Image © Li Liao
by Alec Ash
On October 9th 2012, 30 year old Li Liao reported for his first day’s work at a Foxconn factory in southern China. The colossal electronics contract manufacturer, which makes our iPhones, Kindles and Wiis, provides a livelihood for hundreds of thousands of poor Chinese. It was also the center of controversy after a spate of worker suicides in 2010.
Li Liao was issued his identity card – worker F2356272 – overalls and cap. He was shown around. On the assembly line, he was to help manufacture Apple’s latest gadget, the iPad mini. He worked there for 45 days. Then he quit, bought an iPad mini with his wages, and displayed it and his overalls as part of a contemporary art exhibit in the fashionable 798 art district of Beijing.
His boss, presumably, didn’t see that coming.
I caught up with Li Liao, to talk about his experiences at Foxconn. I recognized him from the photos on his identity cards, but his hair was a bright mop of peroxide white. That was my first question.
Why did you dye your hair?
I felt the conditions [at Foxconn] were very oppressive. That’s why as soon as I left, I dyed my hair. There was no feeling of freedom there. You worked for ten hours, and then there were two hours for meals – so twelve hours [at work] in total, and the other twelve hours you slept. It was very tough.
What else were the conditions like?
The work was completely repetitive. If people say their work is repetitive, I think they can still meet different people, or that one day’s work is slightly different from the day before. But at Foxconn every day was the same. To tell the truth, even going to the toilet wasn’t easy. Because when you were on the production line, if you wanted to get up, you had to find someone to replace you. And you couldn’t always be getting up. It wasn’t that you couldn’t go, but you had to give some thought to when and how you went – which was an oppressive feeling.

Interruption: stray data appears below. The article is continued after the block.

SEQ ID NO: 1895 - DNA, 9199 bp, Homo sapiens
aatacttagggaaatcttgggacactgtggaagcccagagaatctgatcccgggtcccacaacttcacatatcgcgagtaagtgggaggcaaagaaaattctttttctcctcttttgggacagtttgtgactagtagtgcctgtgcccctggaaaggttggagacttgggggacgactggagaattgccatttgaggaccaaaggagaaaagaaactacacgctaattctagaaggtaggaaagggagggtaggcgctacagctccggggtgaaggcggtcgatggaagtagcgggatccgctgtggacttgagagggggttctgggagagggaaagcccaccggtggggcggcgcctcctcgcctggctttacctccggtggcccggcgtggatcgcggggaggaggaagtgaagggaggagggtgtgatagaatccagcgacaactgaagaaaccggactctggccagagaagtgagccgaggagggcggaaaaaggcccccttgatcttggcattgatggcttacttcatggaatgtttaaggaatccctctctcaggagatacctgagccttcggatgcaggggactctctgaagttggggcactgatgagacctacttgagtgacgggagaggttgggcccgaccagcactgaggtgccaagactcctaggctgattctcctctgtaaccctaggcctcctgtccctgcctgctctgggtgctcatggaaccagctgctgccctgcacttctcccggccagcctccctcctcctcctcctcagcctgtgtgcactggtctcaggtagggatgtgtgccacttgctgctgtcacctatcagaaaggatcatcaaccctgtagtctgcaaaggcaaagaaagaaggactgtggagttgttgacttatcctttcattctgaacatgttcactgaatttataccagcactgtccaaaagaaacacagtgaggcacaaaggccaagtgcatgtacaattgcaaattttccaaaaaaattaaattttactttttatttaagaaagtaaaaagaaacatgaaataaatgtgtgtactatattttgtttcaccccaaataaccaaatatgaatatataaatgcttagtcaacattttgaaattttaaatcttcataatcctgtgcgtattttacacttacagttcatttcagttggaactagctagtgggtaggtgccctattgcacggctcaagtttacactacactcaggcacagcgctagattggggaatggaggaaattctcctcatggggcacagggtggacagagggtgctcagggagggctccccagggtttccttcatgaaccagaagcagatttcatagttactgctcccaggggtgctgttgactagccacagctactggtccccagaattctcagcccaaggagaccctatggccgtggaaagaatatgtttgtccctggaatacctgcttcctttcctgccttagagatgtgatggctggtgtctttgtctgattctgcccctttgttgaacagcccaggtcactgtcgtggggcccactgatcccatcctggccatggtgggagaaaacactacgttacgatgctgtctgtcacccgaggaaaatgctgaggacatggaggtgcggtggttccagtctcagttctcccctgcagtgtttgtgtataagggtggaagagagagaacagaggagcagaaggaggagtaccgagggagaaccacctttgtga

Do you have an opinion on the suicides?
Sure I have an opinion. Before, I never knew why they killed themselves. Then after I joined the factory, I asked my workmates. They didn’t know either, because workers can’t talk about that affair. But they did know the facts. Then I realized that after one or two people kill themselves, that state of mind is infectious. It makes others think of their similar circumstances.
So why did they kill themselves? Maybe at that time the militarization and management [of the factory] was pretty strict, and the wages were even lower than they are now. Now, because the labor union came around, to help them achieve an international standard, things are a bit better, so people aren’t jumping off the roof.
So was it to protest, or out of despair?
I think it was mostly out of despair. In my view, if a worker left the factory they didn’t have the skills to survive. Their skills rely entirely on machines. If they leave they are unemployed, and can only go back to their old homes and start a small business. They feel they have no way out.
Note: Evan Osnos at the New Yorker has also posted a Q & A with Li Liao here.
Alec Ash’s 2008-10 blog about Chinese youth can be read here. He is a contributor to Chinese Characters: Fast-Changing Lives in a Fast-Changing Land (University of California Press).